When Easton and Otley College students said they were interested in knowing more about showing cattle, the YDP team were happy to get involved and who’d have thought it, but we managed to organise a dairy part to the itinerary too.
Last year the College showed their animals at local shows but course Instructor Megan Jenkins was keen that the students got some tips of the trade to help them onto winning ways. While the College use Angus on their dairy heifers we didn’t have a huge amount of beef cattle to work with. Andrew Hughes, YDP assessor and freelance showman with many champions to his name in many breeds, came along to cover the beef side of things. The only haltered beef cattle the college had was two Highland heifers and a small calf, but we still managed to have a really good seminar on the subject of showing the animal to be able to move well and stand square.
Andrew then went onto do the clipping and dressing, explaining what needed to be clipped to improve an animal and what hair needed to be left on to help make the animal look wider, fuller and longer. The students all got involved and with the clipping and the dressing using various products on the incredibly patient young calf.
After lunch we moved onto the dairy side of things and we were lucky enough to have the help of Becky Walters and her sister Katie. Becky has recently had a trip to Canada to dress cattle and was also part of the winning Dairy team at National Young Stars and both ladies have dressed and shown cattle since they were little. It was great to see the vast contrast between dairy and beef dressing and showing.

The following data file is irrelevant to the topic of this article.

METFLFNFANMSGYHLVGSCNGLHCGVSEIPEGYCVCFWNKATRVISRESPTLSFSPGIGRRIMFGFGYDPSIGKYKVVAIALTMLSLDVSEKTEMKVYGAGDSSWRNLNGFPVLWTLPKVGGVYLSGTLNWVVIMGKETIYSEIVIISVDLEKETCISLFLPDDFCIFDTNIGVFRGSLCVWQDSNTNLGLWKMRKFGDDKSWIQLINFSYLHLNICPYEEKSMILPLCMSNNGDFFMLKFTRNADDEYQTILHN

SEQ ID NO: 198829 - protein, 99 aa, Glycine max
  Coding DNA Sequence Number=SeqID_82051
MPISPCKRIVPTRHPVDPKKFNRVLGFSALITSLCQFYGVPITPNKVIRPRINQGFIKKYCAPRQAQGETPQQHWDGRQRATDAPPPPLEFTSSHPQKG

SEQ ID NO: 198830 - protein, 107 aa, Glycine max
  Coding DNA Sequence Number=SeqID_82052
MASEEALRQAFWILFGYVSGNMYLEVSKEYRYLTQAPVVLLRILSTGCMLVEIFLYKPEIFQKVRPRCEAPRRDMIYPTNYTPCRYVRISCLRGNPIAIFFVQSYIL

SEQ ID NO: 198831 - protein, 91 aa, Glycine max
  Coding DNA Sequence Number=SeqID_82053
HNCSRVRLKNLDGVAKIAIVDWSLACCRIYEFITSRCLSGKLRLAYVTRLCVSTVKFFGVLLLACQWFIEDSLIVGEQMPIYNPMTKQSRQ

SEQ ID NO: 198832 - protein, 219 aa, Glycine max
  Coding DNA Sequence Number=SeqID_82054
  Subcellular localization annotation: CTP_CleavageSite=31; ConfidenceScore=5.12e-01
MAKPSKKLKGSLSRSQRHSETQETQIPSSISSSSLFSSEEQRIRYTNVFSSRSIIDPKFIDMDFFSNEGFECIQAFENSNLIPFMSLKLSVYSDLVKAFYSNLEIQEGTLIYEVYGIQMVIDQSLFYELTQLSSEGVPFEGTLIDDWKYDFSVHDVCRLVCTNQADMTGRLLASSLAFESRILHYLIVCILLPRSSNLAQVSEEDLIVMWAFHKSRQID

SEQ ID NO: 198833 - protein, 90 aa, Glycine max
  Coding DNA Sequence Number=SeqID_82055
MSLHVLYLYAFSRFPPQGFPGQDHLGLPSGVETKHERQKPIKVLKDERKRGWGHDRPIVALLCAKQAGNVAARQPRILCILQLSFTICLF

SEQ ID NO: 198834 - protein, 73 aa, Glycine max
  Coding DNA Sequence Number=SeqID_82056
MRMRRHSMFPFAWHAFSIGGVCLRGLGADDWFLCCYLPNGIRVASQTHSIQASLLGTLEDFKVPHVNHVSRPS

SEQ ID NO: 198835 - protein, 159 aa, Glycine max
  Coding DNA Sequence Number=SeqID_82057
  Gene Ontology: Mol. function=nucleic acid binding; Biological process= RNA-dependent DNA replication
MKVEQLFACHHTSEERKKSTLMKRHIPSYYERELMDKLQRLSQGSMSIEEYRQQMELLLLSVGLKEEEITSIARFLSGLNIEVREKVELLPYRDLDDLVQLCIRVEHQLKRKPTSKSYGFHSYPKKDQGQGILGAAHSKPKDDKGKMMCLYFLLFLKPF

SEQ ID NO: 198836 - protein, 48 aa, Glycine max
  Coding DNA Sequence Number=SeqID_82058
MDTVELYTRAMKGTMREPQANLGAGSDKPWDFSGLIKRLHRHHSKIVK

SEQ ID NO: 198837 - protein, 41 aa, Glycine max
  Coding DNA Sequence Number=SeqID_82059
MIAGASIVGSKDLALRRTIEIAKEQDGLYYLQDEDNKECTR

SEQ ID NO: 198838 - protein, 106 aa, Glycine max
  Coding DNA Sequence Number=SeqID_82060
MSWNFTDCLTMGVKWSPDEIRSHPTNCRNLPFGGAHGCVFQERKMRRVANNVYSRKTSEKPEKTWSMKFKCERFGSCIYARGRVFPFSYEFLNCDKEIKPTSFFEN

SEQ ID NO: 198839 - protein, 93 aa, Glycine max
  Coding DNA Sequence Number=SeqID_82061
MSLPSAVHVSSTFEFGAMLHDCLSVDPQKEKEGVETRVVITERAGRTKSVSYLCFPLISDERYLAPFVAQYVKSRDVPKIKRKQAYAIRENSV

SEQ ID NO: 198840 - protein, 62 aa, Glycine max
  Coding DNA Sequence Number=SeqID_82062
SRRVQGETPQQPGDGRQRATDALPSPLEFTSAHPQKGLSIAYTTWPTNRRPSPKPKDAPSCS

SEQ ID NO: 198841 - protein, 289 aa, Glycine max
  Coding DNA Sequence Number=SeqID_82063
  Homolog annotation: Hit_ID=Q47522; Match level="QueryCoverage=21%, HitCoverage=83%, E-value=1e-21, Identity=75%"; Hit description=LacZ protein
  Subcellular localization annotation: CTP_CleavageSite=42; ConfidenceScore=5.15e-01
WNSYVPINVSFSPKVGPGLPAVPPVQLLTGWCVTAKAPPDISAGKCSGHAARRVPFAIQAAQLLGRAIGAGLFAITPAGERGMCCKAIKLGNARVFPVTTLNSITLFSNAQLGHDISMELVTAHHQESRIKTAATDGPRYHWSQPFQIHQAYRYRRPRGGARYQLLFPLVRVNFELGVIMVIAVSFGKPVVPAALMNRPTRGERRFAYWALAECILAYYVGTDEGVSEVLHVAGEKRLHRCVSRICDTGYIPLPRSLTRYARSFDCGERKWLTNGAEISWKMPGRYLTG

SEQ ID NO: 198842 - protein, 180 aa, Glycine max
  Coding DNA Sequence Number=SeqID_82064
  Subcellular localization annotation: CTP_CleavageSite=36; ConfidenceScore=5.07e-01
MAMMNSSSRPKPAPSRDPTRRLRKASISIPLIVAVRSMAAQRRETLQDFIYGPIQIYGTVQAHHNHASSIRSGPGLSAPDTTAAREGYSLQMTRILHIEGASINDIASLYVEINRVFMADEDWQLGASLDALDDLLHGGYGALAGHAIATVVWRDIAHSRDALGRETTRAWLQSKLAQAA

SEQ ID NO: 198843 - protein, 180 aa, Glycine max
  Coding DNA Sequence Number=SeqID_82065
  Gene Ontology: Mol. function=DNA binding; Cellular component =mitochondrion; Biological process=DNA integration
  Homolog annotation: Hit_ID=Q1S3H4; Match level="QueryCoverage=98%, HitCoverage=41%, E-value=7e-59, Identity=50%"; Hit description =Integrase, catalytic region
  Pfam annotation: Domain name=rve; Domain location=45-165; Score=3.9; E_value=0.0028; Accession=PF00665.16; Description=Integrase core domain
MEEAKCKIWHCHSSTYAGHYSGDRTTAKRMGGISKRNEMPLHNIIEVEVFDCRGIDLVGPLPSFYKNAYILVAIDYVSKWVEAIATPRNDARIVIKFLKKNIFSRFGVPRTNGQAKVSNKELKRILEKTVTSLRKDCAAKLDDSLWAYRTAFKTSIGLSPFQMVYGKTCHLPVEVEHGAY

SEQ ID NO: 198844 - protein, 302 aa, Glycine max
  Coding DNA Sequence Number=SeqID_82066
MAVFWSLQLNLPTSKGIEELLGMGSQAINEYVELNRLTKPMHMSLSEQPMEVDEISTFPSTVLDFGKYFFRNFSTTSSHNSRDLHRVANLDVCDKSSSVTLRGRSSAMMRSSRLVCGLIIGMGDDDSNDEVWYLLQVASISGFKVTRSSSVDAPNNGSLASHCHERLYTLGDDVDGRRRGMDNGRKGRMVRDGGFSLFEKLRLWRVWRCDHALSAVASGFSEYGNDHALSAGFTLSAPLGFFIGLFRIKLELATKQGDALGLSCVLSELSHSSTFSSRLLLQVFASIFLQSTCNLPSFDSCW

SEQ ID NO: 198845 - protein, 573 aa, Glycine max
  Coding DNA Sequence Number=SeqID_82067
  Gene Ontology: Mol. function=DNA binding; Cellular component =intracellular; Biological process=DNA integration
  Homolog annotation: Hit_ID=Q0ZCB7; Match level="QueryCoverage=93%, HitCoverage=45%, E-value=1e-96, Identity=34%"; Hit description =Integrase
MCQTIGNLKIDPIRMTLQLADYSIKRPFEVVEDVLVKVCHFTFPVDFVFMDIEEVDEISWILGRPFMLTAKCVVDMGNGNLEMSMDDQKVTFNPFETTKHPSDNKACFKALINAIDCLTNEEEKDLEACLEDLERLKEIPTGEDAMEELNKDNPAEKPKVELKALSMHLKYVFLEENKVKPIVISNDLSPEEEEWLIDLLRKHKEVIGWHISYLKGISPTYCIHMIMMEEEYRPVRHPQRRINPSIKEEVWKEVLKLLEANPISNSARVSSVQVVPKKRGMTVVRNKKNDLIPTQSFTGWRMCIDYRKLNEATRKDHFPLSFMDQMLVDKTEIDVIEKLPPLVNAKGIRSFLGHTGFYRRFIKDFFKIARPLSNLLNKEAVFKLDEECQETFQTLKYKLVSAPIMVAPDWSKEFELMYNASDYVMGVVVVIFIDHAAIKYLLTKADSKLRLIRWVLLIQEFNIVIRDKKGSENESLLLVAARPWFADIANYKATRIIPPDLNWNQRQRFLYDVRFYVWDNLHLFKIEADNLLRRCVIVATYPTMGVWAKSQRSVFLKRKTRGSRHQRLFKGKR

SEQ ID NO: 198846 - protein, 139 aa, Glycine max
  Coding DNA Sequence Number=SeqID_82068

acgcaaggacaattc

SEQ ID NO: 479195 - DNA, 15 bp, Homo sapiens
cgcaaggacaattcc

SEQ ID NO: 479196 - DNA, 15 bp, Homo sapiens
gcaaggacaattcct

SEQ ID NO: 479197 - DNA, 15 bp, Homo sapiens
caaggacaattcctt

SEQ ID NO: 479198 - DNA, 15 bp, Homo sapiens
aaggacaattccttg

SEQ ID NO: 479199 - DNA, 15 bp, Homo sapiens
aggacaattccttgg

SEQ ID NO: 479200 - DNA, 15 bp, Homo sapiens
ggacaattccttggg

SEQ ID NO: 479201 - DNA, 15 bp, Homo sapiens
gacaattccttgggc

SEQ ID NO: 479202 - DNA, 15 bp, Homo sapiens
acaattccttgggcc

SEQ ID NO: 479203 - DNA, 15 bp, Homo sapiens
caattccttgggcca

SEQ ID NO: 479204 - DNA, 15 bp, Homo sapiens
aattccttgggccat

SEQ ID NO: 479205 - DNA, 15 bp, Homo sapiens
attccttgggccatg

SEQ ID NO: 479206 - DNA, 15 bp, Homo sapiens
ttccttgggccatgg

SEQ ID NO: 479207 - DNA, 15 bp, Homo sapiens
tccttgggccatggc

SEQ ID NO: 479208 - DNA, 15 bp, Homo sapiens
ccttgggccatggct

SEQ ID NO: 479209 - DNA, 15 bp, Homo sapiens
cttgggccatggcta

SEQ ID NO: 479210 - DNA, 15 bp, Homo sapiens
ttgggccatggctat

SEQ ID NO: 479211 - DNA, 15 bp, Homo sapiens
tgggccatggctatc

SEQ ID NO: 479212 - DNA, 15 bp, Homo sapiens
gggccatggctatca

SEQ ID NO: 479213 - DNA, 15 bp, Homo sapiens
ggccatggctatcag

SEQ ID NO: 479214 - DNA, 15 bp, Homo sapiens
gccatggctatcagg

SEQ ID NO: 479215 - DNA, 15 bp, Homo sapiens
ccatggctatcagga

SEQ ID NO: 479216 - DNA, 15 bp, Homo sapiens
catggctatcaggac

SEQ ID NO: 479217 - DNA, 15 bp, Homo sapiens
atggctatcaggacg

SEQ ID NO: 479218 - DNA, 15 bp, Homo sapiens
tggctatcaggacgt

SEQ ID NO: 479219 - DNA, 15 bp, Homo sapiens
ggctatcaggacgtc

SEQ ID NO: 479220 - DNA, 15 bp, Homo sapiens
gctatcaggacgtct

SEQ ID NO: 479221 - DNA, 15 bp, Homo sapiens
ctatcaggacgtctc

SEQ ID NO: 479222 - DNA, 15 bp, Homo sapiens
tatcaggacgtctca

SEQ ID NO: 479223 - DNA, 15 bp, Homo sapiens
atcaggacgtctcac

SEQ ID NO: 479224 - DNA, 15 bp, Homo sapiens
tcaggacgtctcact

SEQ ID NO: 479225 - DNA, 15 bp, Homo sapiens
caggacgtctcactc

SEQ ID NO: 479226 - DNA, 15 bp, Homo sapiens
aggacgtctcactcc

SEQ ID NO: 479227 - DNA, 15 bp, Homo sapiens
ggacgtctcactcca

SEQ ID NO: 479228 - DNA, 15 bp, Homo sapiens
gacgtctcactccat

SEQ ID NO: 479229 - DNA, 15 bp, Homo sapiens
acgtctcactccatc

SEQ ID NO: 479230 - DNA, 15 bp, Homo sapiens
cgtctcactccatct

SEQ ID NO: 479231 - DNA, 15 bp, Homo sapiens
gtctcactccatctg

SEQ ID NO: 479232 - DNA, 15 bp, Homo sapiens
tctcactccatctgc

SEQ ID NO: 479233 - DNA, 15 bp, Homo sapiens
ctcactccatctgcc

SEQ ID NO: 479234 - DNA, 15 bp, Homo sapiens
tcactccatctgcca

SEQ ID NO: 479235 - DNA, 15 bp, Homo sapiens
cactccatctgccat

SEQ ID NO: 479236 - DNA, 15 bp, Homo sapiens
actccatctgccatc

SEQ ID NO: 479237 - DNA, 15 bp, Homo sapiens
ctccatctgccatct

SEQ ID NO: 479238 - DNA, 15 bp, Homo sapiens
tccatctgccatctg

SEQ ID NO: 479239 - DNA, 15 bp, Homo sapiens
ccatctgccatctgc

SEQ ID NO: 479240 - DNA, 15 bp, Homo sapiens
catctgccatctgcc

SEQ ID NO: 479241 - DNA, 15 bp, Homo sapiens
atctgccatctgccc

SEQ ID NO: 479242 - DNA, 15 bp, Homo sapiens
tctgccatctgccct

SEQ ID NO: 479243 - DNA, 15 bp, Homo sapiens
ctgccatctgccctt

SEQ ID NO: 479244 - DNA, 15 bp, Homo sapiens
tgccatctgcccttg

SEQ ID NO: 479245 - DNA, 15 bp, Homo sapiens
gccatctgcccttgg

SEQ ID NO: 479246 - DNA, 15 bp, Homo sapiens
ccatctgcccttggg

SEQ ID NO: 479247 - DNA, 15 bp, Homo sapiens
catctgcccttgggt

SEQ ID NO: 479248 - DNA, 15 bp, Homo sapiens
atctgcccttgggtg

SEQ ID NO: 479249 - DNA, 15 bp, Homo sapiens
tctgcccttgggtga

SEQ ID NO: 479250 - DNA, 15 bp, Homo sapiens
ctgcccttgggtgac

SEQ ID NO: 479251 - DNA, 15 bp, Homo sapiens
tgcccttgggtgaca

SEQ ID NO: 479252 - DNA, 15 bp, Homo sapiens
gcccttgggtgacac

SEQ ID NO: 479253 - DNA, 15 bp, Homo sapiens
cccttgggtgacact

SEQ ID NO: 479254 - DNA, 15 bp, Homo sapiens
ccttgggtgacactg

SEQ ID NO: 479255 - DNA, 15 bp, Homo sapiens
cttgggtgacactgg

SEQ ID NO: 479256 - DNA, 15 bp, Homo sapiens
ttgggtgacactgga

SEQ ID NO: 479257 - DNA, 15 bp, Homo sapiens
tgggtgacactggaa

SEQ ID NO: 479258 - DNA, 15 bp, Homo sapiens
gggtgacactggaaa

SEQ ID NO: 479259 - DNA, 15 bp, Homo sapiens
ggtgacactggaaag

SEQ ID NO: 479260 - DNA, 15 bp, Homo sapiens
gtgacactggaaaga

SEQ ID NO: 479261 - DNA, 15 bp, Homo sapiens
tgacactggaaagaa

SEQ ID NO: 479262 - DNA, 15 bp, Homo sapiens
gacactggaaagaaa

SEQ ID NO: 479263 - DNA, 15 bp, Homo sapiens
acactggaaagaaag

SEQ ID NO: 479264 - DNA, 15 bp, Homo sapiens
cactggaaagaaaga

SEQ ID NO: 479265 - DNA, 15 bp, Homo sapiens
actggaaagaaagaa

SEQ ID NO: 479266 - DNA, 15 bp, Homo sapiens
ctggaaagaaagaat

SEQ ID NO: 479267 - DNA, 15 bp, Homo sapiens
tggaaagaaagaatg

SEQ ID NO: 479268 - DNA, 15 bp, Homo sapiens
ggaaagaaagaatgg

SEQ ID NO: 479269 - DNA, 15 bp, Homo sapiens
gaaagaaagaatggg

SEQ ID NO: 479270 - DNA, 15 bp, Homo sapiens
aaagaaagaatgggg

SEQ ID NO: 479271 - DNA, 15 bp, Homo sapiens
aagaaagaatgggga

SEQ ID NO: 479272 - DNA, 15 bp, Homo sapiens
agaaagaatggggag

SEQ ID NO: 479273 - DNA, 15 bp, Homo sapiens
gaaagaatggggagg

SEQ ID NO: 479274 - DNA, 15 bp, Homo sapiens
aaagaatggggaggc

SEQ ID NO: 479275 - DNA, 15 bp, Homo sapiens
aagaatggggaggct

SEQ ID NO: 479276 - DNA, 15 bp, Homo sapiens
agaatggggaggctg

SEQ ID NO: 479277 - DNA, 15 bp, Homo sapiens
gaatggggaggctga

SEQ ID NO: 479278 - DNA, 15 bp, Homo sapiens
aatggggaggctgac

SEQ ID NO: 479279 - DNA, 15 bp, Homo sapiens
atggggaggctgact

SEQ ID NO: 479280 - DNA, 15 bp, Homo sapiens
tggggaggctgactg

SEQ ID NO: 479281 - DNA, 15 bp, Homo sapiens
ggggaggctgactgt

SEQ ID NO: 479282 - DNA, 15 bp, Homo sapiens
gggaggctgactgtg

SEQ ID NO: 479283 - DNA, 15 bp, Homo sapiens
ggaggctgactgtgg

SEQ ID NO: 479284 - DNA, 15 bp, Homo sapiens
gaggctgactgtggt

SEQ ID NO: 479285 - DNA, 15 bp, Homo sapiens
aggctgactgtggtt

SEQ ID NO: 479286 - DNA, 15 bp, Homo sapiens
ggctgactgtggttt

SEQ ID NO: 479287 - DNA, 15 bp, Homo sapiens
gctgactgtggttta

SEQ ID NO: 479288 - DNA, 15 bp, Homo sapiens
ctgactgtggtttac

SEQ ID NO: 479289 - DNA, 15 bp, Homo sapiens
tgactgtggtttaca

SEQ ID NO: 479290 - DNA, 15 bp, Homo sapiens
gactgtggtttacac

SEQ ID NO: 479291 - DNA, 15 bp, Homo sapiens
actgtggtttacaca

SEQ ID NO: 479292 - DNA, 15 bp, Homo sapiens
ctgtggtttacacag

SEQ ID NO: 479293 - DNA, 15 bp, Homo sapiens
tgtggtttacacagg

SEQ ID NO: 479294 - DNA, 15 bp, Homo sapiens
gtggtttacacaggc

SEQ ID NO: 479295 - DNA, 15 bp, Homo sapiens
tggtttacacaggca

Dairy fitters literally clip everything off to show the angular frame of the cow and the only hair that is left on is for the top line on heifers which is a tremendously delicate task to clip. Becky and Katie showed everyone what to do and then the students had the chance to have a go. Ring craft is also completely different, slow is the name of the game and I hadn’t realised that showing dairy heifers was different to showing dairy cows, it’s all about having one leg forward to show the udder apparently.
This was such a great opportunity for the YDP team to step out of it’s comfort zone and it’s nice to know that we have helped to educate a few more young people in the art of stockmanship.
A massive thank you to Andrew Hughes and Becky and Katie Walters.